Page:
EDITOR'S NOTE: First of two columns on keeping secrets in church.
Reporter Louis Moore didn't know much about the Lutheran Church-Missouri
Synod when he began covering its bitter civil war in the 1970s.
Nevertheless, as a Southern Baptist with a seminary degree he knew a
biblical-authority battle when he saw one -- so he caught on fast. Soon he
was appalled by the viciousness of the combat between "moderates" and
"conservatives" as the 2.7 million-member denomination careened toward
Things got so bad he told a Houston Chronicle colleague that if the
Southern Baptist Convention "ever became embroiled in such a heinous war, I
would rather quit my job than be forced to cover it," noted Moore, in
"Witness to the Truth," his memoir about his life in the middle of some of
America's hottest religion stories.
"Regrettably, years later, I was an eyewitness to SBC behavior that made
the Lutherans' battle look like a Sunday school picnic."
The Lutheran fight was his "learner schism" and Moore witnessed many other
skirmishes in pulpits and pews before -- like it or not -- he was engulfed
by the battle to control America's largest non-Catholic flock. He also
served as president of the Religion Newswriters Association during that
The Southern Baptist Convention's return to the theological right would be
near the top of any journalist's list of the pivotal events in American
religion in the late 20th Century. This Bible Belt apocalypse also affected
politicians ranging from Jimmy Carter to Ronald Reagan, and anyone else who
sought national office in the "culture war" era following the 1960s and,
especially, Roe v. Wade.
After leaving daily journalism, Moore saw the Southern Baptist world from
the other side of the notebook for 14 years, serving as an SBC media aide
on policy issues and then with the convention's giant foreign missions
Moore said that in the "best of times" he saw believers in many flocks who
were so "servant-hearted and so demonstrative of Godlike virtues" that the
memory of their faithful acts -- in the aftermath of Hurricane Katrina, for
example -- still inspires tears. But in the worst of times?
"I have seen church people ... violate every one of the Ten Commandments,
act boorish and selfish, be prejudiced, broadcast secular value systems and
in general behave worse than the heathen people they tried to reach," noted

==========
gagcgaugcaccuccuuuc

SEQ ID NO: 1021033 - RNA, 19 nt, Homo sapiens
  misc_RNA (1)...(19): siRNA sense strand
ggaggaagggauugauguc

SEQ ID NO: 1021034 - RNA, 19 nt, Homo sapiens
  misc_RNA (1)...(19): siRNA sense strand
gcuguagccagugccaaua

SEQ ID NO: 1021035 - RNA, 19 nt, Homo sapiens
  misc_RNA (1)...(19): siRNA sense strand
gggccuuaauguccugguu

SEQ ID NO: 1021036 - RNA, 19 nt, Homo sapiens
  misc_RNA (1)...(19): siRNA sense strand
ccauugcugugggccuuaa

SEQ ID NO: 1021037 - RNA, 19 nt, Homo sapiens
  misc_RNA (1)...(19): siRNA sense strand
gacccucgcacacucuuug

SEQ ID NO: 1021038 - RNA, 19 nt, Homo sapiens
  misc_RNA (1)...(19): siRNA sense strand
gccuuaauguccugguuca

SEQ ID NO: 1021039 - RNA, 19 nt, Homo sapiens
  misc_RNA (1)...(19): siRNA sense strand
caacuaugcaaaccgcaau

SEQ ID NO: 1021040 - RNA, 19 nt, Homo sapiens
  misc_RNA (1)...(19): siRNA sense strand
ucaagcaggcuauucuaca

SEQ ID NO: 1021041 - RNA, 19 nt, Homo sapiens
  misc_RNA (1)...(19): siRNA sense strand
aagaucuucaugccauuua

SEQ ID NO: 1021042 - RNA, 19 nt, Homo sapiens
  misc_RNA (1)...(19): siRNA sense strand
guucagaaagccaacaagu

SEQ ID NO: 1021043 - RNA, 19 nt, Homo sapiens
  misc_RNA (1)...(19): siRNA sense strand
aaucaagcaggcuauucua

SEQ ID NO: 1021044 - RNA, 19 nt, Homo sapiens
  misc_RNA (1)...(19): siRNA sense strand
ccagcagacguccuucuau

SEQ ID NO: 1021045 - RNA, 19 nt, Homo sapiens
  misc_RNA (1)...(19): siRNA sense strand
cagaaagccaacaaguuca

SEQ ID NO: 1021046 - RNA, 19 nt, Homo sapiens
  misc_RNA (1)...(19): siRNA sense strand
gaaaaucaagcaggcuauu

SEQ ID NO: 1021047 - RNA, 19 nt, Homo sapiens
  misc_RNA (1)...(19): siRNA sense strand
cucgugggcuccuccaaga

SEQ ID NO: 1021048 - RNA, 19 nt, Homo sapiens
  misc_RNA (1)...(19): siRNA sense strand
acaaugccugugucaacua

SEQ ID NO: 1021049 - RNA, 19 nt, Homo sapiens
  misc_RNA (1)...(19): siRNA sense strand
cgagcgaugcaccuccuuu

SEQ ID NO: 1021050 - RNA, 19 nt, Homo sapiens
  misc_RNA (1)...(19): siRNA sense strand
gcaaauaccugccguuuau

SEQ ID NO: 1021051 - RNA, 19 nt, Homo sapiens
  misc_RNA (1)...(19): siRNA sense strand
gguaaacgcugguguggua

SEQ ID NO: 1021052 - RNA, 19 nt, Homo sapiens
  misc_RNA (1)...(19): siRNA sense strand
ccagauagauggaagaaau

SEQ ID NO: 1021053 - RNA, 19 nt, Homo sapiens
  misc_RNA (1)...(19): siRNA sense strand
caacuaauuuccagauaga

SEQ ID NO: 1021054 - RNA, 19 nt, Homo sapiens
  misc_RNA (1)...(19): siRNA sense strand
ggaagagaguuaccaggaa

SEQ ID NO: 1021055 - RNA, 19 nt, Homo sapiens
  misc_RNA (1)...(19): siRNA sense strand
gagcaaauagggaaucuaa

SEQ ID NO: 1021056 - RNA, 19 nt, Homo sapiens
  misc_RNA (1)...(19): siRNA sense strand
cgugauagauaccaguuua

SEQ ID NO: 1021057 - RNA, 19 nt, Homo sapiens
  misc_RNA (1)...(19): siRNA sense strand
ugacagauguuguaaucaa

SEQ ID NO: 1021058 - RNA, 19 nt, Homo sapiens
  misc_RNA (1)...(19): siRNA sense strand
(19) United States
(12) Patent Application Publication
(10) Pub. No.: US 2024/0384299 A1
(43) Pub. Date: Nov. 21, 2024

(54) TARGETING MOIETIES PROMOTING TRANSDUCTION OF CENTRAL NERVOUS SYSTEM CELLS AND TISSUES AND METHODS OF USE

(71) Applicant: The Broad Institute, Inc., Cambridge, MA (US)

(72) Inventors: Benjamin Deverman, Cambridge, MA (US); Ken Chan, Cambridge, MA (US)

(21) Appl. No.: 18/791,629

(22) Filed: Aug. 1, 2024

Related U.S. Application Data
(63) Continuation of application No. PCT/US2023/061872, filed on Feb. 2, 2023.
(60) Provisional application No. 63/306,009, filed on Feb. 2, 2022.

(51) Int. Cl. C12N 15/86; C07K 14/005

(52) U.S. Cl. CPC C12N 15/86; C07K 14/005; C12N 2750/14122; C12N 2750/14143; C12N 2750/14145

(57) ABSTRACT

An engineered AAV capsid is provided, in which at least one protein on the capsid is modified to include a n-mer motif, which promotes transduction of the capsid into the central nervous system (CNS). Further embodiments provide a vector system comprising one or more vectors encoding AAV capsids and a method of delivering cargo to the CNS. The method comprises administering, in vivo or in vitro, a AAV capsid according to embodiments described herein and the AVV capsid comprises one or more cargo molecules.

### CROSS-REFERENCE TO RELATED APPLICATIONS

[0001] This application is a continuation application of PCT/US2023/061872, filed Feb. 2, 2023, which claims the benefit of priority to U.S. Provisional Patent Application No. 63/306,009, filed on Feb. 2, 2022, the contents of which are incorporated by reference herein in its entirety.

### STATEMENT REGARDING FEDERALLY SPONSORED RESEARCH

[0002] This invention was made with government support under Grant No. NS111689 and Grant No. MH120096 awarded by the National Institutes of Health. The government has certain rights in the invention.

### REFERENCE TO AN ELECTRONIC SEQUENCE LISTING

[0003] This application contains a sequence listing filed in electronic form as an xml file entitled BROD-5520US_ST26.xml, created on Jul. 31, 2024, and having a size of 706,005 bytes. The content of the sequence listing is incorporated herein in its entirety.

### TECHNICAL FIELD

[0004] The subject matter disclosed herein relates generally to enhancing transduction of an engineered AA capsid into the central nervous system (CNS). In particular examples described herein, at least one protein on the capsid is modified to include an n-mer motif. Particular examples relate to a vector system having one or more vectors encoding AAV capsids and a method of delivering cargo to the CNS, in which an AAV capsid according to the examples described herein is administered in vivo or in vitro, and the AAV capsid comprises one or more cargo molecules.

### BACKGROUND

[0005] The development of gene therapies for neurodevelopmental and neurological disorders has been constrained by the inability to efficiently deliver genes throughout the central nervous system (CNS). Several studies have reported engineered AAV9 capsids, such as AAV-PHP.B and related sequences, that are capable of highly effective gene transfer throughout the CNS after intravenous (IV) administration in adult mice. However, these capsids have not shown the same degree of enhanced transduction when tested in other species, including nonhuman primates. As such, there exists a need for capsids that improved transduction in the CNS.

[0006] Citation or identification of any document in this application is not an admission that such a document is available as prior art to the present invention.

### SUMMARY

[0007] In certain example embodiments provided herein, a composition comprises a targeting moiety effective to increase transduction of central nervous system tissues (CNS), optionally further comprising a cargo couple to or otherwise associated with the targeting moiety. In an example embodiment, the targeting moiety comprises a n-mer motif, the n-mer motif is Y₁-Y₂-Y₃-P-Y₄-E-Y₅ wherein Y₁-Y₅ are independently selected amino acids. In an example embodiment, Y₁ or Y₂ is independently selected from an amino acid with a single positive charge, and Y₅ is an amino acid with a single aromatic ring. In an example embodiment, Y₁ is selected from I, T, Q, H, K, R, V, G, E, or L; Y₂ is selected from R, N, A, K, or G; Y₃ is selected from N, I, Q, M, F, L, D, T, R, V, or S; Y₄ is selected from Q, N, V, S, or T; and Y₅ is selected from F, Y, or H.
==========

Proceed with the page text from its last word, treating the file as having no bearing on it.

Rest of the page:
Moore. In fact, just "name some sin or some act the Bible eschews, and I
could pair that vice up with some church leader or member I have known."
Moore said his career affirmed basic values that he learned as a young
journalist, values he saw vindicated time after time in the trenches. Wise
religious leaders, he said, would dare to:
* Adopt "sunshine laws" so that as many as possible of their meetings are
open to coverage by journalists from the mainstream and religious press.
"When you're dealing with money your people have put in the offering plate,
you should be as open as possible," he said. "The things that belong on the
table need to stay on the table."
* Acknowledge that "politics is a way of life and they need to make it
clear to the people in the pews how the game is played," he said. "I truly
admire the people who let the covert be overt."
* Come right out and admit what they believe, when it comes to divisive
issues of theology and public life. "Say what you mean and mean what you
say," he said. "Way too many religious leaders take one position in public
and say something completely different somewhere else."
It's easy to pinpoint the root cause of these temptations, said Moore. At
some point, religious leaders become so committed to protecting the
institution they lead that they are driven to hide its sins and failures.
There's a reason that clergy and politicians share a love of public
relations and have, at best, mixed feelings about journalism.
"People who get caught up in this kind of group think spend so much of
their time testing the waters and floating their trial balloons," he said.
"I prefer to deal with the people who are honest about what they truly
believe . . ..
"Of course, the other side of that equation is that these authentic
believers are often politically naive and that means that they don't
survive the realities of the political process."
NEXT WEEK: Why Catholic doors kept closing.
Terry Mattingly (www.tmatt.net) directs the Washington Journalism Center